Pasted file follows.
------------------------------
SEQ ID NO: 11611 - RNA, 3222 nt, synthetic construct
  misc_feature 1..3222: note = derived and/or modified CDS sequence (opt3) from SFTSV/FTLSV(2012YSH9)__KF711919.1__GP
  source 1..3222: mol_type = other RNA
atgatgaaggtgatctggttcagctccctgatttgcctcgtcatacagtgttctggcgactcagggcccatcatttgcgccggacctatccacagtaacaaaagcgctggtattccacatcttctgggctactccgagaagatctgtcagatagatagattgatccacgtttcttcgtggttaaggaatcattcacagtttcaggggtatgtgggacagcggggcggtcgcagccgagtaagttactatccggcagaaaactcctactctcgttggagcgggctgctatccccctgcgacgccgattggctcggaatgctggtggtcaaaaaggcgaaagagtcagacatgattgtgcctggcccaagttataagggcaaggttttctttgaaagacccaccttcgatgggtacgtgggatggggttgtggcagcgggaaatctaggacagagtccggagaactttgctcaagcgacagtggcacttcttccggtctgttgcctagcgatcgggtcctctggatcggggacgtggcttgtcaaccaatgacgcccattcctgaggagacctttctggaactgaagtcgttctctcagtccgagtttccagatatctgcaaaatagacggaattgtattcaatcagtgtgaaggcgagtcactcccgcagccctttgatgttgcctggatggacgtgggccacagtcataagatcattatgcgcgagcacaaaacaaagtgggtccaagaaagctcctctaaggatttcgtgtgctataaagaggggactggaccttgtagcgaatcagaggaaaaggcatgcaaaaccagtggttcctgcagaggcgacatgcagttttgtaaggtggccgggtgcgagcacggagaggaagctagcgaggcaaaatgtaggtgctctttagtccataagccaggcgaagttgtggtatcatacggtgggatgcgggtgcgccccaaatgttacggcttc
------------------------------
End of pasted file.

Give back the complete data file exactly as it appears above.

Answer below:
SEQ ID NO: 11611 - RNA, 3222 nt, synthetic construct
  misc_feature 1..3222: note = derived and/or modified CDS sequence (opt3) from SFTSV/FTLSV(2012YSH9)__KF711919.1__GP
  source 1..3222: mol_type = other RNA
atgatgaaggtgatctggttcagctccctgatttgcctcgtcatacagtgttctggcgactcagggcccatcatttgcgccggacctatccacagtaacaaaagcgctggtattccacatcttctgggctactccgagaagatctgtcagatagatagattgatccacgtttcttcgtggttaaggaatcattcacagtttcaggggtatgtgggacagcggggcggtcgcagccgagtaagttactatccggcagaaaactcctactctcgttggagcgggctgctatccccctgcgacgccgattggctcggaatgctggtggtcaaaaaggcgaaagagtcagacatgattgtgcctggcccaagttataagggcaaggttttctttgaaagacccaccttcgatgggtacgtgggatggggttgtggcagcgggaaatctaggacagagtccggagaactttgctcaagcgacagtggcacttcttccggtctgttgcctagcgatcgggtcctctggatcggggacgtggcttgtcaaccaatgacgcccattcctgaggagacctttctggaactgaagtcgttctctcagtccgagtttccagatatctgcaaaatagacggaattgtattcaatcagtgtgaaggcgagtcactcccgcagccctttgatgttgcctggatggacgtgggccacagtcataagatcattatgcgcgagcacaaaacaaagtgggtccaagaaagctcctctaaggatttcgtgtgctataaagaggggactggaccttgtagcgaatcagaggaaaaggcatgcaaaaccagtggttcctgcagaggcgacatgcagttttgtaaggtggccgggtgcgagcacggagaggaagctagcgaggcaaaatgtaggtgctctttagtccataagccaggcgaagttgtggtatcatacggtgggatgcgggtgcgccccaaatgttacggcttc